Archive for the Category » Christian doctrine «

August 11th, 2010 | Author:

While I was driving the other day, a curious thought occurred to me to:  God is a lot of things, but He’s also not a lot of things. In fact, as I thought back on my Christian walk, I realized that a good share of what the Holy Spirit has taught me involved changing my view of God and separating Him in my mind from everything and everybody else – the things “God is not.”

It can be hard to change your mind when you’ve believed something your whole life, or when you’ve invested heavily in a certain viewpoint, particularly when it’s about God.  Many people, in fact, refuse to do so, clinging to a lie because it’s too hard to let it go. I believe this is what God calls “a stubborn people.”

For those who are willing to be changed, the first step is often an emotional sense of betrayal by whoever lead you to believe the lie in the first place – a heart-felt, “But I trusted you!”  Some people never get past this stage, turning their back on God and never moving forward.

When we  forgive and move on, though, we find that we’ve acquired some healthy discernment.  We’re not as gullible as we were before.  And after going through this a few times, we find that we’ve become a little more like the Bereans who “received the word with great eagerness, examining the Scriptures daily to see whether these things were so.”  (Acts 17:11)

That eagerness, I think, is key.  The desire to know God’s truth, no matter the cost, no matter how stupid we may look, is what keeps the Holy Spirit opening our minds to new concepts.  Conversely, if we don’t receive a love for the truth, “God will send upon them a deluding influence so that they will believe what is false.”(2 Thess 2:11)

So that’s a peek at the “God is not” process from my perspective, and here are a few of the times I’ve been through it.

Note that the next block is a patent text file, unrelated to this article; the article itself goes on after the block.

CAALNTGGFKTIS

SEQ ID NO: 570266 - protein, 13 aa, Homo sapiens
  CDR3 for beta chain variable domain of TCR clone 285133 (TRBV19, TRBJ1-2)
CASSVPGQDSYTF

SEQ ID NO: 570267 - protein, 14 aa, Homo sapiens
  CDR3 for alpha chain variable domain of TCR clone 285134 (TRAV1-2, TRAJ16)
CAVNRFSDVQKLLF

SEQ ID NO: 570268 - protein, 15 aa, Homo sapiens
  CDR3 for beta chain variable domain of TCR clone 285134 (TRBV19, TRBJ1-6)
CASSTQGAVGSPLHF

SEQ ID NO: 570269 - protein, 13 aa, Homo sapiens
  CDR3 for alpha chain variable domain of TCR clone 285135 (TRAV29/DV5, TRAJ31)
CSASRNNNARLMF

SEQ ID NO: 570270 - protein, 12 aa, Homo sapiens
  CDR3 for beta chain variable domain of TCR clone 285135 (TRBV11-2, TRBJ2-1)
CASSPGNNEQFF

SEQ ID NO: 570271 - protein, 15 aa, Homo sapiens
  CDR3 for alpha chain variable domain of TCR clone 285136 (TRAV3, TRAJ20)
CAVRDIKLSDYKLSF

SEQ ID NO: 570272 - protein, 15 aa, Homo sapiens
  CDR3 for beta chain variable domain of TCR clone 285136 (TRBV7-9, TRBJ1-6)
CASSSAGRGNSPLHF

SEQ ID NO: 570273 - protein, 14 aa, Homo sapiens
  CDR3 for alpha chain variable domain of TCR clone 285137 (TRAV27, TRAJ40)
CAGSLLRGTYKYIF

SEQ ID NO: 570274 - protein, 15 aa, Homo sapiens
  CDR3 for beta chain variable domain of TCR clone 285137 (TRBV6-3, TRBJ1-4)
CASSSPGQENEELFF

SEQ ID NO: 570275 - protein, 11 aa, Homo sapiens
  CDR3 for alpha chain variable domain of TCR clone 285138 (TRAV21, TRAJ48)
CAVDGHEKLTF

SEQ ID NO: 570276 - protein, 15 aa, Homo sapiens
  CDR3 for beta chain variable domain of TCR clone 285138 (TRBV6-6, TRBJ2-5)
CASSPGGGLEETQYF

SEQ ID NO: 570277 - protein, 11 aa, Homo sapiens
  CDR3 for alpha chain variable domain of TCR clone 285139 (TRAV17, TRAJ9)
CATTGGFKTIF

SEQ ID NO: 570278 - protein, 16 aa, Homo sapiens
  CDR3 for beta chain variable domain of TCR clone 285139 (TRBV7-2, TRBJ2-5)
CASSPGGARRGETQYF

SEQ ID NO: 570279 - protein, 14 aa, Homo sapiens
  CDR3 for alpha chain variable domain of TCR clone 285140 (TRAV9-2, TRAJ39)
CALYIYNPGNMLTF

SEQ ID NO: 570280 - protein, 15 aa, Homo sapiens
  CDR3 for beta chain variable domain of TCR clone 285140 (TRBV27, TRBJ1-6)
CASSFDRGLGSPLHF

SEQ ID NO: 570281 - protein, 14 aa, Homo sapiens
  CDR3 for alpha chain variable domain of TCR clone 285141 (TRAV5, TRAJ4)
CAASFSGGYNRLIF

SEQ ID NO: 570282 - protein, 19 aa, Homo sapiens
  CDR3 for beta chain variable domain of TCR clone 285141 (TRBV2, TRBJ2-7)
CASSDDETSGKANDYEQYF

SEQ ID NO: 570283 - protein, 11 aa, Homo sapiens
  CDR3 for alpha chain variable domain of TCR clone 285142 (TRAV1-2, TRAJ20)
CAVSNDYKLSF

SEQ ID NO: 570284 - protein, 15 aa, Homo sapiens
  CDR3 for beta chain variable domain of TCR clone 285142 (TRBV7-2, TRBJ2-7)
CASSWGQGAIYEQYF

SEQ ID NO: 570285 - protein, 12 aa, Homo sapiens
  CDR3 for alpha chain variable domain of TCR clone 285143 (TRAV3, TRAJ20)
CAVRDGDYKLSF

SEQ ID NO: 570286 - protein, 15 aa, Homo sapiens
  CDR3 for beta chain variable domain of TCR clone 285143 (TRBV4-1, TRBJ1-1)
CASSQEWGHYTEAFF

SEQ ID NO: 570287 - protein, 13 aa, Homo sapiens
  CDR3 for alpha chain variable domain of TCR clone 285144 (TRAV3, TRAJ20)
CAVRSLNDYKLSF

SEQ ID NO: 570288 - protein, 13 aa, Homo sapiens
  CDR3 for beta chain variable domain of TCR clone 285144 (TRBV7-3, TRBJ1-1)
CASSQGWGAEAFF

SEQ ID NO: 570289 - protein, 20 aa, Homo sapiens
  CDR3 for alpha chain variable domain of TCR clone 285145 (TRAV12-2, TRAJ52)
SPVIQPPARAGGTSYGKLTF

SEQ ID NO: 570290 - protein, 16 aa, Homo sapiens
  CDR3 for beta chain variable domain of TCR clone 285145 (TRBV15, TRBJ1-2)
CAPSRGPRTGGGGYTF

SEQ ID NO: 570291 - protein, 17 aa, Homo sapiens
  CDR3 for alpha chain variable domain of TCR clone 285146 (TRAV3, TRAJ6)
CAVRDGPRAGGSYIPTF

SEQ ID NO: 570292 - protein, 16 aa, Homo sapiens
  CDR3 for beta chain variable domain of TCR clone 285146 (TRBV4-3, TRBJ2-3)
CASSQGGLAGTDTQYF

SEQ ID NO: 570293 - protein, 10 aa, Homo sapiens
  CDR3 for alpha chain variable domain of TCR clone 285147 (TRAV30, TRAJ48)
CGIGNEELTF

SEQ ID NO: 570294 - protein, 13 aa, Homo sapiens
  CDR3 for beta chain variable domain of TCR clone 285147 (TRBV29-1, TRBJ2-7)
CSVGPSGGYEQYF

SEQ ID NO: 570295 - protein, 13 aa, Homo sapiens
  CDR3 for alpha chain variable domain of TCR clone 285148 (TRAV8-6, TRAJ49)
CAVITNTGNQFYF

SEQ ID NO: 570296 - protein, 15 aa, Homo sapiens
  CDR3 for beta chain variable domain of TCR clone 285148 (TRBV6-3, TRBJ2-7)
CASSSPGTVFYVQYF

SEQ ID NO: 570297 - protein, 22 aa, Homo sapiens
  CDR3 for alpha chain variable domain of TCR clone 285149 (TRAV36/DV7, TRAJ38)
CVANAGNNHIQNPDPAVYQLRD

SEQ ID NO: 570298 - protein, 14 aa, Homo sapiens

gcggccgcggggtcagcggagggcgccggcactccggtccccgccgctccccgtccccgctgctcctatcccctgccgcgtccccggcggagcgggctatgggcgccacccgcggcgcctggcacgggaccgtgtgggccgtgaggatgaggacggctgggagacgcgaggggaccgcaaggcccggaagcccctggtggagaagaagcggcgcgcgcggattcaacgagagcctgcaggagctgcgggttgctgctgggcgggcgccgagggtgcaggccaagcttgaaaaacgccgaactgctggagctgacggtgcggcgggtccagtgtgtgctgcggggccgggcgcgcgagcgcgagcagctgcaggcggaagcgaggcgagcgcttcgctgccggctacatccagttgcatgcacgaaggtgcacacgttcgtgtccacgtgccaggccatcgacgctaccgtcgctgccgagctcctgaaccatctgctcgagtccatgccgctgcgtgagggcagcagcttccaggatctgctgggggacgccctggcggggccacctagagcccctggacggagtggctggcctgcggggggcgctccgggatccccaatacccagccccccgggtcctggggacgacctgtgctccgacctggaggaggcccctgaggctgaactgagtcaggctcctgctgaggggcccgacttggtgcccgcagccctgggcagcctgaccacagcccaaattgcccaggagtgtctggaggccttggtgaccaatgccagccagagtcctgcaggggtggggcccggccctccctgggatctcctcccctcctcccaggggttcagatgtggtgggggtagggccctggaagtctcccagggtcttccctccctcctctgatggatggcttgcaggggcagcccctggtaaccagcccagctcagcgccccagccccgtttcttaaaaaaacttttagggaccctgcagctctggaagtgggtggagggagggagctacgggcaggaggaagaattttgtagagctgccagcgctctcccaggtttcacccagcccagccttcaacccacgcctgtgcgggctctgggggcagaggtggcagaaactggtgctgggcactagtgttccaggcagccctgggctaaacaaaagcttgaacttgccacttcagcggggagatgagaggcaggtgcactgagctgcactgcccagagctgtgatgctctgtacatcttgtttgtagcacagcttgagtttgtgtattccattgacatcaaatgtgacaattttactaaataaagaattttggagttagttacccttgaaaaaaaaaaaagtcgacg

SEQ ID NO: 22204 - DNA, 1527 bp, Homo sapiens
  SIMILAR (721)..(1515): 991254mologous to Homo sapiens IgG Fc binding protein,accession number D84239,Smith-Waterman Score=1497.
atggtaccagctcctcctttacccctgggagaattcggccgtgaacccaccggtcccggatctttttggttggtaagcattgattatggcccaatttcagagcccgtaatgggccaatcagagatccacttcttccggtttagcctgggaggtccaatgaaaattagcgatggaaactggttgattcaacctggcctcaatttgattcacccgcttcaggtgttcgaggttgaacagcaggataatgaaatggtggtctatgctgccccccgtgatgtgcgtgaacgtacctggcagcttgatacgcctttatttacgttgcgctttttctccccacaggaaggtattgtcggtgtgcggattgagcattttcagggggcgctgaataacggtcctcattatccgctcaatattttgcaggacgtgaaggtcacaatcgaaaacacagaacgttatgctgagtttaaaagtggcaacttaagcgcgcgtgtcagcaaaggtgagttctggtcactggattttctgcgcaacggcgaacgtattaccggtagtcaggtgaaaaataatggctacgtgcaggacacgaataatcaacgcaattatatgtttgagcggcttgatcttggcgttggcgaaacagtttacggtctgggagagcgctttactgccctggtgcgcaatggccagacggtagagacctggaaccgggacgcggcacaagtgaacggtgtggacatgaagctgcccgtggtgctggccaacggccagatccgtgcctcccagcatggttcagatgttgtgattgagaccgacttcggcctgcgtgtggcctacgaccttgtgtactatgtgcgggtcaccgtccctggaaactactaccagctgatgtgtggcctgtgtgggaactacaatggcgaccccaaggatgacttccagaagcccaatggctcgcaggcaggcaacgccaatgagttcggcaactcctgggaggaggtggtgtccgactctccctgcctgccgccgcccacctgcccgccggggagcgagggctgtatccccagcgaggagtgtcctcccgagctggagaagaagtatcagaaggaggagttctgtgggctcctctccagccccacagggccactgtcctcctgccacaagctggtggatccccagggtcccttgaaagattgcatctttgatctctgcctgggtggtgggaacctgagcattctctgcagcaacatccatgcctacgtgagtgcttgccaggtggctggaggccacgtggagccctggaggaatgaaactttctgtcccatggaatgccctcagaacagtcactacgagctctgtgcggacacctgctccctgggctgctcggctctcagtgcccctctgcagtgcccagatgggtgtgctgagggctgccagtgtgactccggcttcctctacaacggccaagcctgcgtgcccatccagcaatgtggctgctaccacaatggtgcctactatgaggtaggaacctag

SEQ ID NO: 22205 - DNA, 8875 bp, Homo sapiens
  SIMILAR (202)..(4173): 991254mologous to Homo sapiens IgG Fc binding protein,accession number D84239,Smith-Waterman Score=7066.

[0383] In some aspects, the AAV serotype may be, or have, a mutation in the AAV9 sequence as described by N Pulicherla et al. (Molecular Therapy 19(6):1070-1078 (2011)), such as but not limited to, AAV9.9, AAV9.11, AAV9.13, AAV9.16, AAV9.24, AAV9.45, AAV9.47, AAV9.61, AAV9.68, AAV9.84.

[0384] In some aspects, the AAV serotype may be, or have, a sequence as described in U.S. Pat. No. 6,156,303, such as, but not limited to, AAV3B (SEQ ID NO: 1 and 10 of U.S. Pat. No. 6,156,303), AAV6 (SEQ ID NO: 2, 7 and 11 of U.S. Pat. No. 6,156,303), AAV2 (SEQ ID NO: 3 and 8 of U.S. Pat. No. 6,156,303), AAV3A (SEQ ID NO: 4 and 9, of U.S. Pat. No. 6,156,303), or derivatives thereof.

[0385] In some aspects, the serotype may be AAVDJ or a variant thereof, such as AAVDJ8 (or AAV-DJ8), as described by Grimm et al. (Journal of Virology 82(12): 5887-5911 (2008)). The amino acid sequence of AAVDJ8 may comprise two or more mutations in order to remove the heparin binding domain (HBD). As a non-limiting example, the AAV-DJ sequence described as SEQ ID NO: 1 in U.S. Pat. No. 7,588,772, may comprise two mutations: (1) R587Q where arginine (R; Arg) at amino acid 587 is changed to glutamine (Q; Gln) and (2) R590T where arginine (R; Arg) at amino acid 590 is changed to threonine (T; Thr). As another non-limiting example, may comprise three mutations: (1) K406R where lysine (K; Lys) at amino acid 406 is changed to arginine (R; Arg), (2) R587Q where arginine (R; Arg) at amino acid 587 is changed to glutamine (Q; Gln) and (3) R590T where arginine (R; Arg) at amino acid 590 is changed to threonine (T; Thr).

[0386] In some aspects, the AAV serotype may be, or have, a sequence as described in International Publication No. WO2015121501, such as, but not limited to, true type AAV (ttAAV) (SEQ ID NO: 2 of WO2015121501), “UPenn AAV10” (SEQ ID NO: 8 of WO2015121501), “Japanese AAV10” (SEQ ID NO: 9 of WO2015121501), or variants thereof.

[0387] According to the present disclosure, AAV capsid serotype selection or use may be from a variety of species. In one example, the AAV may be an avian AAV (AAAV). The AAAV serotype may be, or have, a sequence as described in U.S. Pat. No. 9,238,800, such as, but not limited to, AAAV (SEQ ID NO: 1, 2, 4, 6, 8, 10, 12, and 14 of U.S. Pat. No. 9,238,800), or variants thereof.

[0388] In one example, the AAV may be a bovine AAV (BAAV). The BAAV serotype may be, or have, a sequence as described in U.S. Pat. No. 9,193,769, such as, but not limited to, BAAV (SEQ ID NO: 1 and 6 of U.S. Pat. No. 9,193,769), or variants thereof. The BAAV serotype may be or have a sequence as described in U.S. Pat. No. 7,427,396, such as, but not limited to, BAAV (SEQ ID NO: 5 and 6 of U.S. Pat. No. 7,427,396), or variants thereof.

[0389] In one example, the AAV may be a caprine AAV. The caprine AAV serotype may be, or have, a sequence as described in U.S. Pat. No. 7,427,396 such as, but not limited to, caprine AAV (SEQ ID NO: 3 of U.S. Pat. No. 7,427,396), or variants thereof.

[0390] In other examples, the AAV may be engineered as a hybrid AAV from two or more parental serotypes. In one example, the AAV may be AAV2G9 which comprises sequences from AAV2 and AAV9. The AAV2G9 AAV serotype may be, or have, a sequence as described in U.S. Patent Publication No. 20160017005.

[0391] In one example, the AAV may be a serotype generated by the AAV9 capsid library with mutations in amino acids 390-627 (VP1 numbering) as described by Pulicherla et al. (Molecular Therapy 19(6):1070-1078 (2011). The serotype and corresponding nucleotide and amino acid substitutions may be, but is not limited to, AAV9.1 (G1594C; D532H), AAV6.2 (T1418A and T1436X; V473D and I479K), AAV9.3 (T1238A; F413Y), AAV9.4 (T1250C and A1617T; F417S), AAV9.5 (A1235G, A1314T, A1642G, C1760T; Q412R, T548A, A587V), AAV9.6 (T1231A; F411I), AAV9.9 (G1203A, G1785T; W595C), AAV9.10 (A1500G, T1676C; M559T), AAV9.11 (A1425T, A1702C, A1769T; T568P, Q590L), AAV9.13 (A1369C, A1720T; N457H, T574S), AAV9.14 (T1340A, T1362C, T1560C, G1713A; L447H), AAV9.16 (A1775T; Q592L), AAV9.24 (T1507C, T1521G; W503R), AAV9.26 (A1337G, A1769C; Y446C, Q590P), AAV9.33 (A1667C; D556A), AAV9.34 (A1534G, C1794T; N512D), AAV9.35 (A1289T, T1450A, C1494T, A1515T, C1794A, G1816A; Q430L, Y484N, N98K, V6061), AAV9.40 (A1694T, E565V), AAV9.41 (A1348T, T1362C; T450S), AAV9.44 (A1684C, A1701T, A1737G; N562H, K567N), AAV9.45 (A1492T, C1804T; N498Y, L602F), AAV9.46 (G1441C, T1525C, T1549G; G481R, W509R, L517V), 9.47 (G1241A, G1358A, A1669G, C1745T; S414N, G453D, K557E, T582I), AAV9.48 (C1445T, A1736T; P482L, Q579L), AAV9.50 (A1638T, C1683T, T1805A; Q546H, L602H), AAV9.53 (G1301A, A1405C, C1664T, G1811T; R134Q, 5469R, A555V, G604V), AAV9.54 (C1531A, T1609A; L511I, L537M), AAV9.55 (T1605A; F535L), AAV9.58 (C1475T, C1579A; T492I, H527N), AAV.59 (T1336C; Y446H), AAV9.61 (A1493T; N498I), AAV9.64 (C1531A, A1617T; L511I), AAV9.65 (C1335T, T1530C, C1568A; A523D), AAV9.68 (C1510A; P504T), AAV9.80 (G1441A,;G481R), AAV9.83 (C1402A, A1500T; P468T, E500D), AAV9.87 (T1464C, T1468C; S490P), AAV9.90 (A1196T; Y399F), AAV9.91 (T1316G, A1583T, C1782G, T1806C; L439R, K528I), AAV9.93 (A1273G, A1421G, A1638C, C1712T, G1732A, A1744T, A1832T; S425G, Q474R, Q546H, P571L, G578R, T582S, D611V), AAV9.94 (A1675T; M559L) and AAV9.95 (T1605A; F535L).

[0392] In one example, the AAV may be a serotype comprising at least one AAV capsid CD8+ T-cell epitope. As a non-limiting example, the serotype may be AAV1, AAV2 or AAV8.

God is not my father – my natural father, that is.  Because our natural fathers are often the first male authority figures in our lives, we have a tendency to equate them with God.  While my own father had a lot of good qualities, he was not a forgiving man.  He traveled a lot when I was little, often for three or four weeks at a time, and he was distant by nature, as well.  So when I had sinned and knew I needed God’s forgiveness, I believed I could not be forgiven.  I was resigned to paying the price to an unforgiving God who was always far away.  You can read the rest of the story here, but this was the first of my “God is not” lessons.

God is not the pastor. Right after I got saved, God planted me in a local church.  Because I was so grateful and so open – and because standard church structure encourages it – in my mind God and the pastor were one and the same.  A few instances of the pastor’s humanity and God quickly cured me of that notion.

God is not the church. There’s something special about the first church where we embraced God.  We love all the people and support the church’s activities with a whole heart.  Church often becomes “the place” where we meet God, “the place” where spiritual things happen and spiritual truth is learned.  But God is not confined to a place or time, and when He “appeared” in unexpected places when I least expected it, I finally realized that Sunday morning is probably the least important time of my Christian walk.

God is not the earth. I’ve never been the treehugger that some are, but I surely appreciate the world that God made for us.  I can be captivated by the various shades of green contained in a woodlot or a butterfly flitting from flower to flower.  But these things are not the Creator, merely the Creation.  The ideas that God “is” nature, or God “is in” nature are becoming more common, but they are heresies that are not supported by the Bible.

God is not America. This has been my most recent “God is not” that began three years ago when I suddenly found that I could no longer say the pledge of allegiance.  Since then, I’ve posted about various aspects of this issue, some of which are here:

The problem with all of these “God is not”, and why the Holy Spirit wants to renew our minds, I think, is rooted in the first two commandments: